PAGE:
Family of missing pilot holds out hope

Family of missing pilot holds out hope »Play Video
A volunteer search plane is seen during the search for a missing Cessna on Thursday, May 24, 2007.
PUYALLUP, Wash. - Dozens of volunteer pilots resumed their search Thursday morning for a single-engine plane missing in the Chinook Pass area.

The state Aviation Division says the pilot is the only person aboard the Cessna 177B that dropped off radar Tuesday near Chinook Pass.

The missing pilot was identified by family members as 53-year-old George Trupp of Snoqualmie. His daughter said says Trupp has had his pilot's license for only six months.

George's son, Jim Trupp, said they don't know why he was in Idaho.

"Honestly, I hope he just got tired and found a clearing a put down and maybe just decided not to come back," he said.

Jim said that although his dad hasn't had his license for very long, he is an excellent pilot. He thinks his dad took his dog with him on the flight Tuesday.

"He should be fine and he's had a lot of survival training. He was in the Air Force," Jim said. "The only problem might be if like he's injured. I don't know what would happen if he got hurt."

Search and Rescue coordinator Tom Peterson said the pilot reported no problem, and there has been no signal from the plane's emergency locator.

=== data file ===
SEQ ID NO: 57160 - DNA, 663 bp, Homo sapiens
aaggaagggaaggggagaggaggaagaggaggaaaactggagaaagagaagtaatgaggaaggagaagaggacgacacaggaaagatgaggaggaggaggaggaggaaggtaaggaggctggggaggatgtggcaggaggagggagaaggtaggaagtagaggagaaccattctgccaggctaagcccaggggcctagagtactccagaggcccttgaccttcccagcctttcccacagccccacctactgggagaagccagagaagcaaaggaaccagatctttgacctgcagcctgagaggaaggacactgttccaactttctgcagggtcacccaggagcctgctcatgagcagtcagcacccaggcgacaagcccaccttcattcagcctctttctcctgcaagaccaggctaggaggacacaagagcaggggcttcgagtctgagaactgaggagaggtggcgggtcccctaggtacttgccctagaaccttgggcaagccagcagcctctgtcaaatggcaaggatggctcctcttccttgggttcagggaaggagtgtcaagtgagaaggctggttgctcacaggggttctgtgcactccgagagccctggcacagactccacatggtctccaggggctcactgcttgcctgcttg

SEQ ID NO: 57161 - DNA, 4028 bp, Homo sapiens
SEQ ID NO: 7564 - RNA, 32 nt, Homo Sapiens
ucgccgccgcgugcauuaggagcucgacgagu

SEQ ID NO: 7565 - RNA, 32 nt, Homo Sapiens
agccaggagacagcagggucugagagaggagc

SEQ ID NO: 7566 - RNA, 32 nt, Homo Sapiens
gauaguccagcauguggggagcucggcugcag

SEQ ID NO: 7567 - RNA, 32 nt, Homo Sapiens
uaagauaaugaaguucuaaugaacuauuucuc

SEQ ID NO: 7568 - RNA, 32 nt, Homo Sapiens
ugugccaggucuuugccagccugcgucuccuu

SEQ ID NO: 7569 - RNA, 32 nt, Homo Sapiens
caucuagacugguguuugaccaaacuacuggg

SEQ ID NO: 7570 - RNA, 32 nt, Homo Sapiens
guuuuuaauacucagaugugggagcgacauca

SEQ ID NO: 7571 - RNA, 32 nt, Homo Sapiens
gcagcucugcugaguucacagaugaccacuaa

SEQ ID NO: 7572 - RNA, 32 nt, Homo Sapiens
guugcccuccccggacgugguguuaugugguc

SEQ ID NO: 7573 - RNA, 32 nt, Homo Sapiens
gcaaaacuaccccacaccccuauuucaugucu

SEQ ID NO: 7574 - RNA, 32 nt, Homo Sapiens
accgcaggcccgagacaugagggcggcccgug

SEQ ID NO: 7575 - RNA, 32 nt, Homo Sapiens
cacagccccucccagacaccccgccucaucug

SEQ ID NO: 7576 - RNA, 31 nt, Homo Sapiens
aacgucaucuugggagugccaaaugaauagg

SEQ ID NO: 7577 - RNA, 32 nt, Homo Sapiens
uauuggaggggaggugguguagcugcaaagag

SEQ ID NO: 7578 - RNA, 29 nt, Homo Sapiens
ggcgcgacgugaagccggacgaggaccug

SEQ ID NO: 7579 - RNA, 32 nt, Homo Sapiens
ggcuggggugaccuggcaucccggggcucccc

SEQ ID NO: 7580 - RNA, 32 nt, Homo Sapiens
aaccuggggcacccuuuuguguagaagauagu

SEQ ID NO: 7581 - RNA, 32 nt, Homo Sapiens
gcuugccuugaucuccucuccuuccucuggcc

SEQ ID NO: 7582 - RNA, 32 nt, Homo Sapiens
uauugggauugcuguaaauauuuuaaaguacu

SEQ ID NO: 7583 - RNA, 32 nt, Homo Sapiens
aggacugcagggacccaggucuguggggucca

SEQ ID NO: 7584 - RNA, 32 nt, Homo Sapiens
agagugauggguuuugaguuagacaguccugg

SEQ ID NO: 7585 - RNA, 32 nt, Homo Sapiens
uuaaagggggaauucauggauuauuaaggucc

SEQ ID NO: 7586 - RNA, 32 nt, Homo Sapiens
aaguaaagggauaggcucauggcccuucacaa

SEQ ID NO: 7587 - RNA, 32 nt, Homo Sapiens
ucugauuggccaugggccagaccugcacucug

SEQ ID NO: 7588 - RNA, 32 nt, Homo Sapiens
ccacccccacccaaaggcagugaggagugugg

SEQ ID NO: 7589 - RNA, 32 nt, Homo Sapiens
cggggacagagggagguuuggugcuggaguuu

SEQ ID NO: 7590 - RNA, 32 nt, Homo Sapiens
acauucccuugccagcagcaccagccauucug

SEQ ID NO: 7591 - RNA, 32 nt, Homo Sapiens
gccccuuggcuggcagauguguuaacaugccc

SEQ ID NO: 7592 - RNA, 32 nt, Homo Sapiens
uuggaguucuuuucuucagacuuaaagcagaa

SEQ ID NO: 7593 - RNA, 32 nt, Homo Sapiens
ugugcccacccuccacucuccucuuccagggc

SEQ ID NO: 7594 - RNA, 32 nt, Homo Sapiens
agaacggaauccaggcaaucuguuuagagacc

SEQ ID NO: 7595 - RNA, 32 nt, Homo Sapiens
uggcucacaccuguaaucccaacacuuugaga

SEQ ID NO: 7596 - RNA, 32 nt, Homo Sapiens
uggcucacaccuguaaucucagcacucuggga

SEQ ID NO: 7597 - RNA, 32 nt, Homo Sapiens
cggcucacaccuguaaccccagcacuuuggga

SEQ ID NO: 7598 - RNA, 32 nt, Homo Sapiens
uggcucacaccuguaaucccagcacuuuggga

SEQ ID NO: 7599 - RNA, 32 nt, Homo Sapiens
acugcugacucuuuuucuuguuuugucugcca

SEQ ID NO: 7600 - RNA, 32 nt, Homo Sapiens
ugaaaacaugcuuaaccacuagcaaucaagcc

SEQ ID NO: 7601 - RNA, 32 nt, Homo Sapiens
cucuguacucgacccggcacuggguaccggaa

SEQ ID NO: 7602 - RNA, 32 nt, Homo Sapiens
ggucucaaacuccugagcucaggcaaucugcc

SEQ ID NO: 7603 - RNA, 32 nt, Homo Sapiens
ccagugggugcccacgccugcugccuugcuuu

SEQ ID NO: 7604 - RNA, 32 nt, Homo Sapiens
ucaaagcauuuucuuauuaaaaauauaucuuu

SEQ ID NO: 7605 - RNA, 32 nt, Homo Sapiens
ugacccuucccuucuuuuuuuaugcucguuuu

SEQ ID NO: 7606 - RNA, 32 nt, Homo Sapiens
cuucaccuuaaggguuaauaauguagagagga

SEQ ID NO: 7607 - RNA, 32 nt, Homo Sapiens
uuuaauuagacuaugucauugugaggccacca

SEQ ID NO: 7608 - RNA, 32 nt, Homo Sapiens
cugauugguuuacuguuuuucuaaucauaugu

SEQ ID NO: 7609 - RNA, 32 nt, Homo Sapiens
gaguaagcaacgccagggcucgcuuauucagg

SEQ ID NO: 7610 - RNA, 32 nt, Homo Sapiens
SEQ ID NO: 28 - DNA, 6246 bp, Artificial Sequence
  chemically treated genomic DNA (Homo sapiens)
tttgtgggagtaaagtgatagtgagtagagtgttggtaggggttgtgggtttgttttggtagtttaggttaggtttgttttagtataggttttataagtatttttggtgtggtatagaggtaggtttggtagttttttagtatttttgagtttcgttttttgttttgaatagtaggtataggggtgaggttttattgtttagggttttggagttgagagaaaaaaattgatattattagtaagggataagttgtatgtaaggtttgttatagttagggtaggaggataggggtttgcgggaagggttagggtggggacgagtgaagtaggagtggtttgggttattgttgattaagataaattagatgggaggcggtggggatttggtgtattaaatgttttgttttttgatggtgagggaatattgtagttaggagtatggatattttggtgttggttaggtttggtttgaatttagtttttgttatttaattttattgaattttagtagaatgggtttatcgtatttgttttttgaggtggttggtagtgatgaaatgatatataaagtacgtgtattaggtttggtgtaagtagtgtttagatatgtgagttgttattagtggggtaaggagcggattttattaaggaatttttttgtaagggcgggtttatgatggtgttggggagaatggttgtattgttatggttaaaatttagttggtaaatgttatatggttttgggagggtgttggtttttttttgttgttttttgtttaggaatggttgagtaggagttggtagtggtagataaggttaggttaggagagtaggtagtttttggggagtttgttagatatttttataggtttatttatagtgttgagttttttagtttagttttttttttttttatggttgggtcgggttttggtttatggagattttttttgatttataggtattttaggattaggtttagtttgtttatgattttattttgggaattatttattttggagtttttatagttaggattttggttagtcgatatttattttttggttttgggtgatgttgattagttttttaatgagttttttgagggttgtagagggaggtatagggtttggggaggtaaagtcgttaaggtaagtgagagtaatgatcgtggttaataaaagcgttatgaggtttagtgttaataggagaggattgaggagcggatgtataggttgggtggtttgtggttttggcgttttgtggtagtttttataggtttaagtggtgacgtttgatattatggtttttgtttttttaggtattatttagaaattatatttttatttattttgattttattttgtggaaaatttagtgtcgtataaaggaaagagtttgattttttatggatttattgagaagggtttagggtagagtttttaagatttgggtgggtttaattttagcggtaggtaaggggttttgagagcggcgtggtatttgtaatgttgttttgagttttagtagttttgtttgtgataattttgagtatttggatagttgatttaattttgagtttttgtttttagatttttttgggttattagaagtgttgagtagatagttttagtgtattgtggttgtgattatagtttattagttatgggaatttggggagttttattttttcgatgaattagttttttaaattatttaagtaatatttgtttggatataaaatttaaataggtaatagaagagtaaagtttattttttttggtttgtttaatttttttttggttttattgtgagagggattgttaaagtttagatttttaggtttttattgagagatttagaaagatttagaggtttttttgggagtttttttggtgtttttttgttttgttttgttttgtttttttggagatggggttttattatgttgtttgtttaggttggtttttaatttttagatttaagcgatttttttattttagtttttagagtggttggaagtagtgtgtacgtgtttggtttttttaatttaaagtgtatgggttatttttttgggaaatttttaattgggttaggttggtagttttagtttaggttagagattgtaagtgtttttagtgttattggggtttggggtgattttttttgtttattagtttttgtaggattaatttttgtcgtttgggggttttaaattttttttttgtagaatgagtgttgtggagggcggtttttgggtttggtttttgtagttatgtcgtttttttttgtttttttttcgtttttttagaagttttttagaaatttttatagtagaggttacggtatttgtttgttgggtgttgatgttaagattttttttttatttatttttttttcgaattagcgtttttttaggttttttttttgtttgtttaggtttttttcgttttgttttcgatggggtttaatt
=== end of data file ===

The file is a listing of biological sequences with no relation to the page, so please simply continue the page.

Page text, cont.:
Radar data from the Air Force showed the plane was last seen in the area of Chinook Pass west of Yakima at noon on Tuesday. The plane's elevation was last registered at 6,5000 feet, headed for 7,000-foot peaks.

"Here in the red we definitely know that's him," says Peterson as he points out markings on a map that show Trupp's flight path over Yakima and his communication with Yakima's Flight Approach.

The plane had been rented in Renton from Pro-Flight Aviation.

Volunteer aircraft from Washington Air Search and Rescue and the Civil Air Patrol are working out of Thun Field in Puyallup. Up to 10 planes were in the air Wednesday searching.

"It's very, very mountainous terrain, loaded with box canyons," said one of the search pilots. "Once you get in them you can't get out, it can be so windy the plane doesn't have enough power to climb out."

Teams of pilots worked five hours shifts searching. Several pilots they all ran into difficult wind conditions and tricky canyons.

"We just don't really know what happened," said Peterson. "We're trying to look at all aspects and possibilities and make sure we get him home as fast as we can."

The state Aviation Division also says King County's copter and ground teams from Yakima County Search and Rescue are taking part in the search for the missing plane.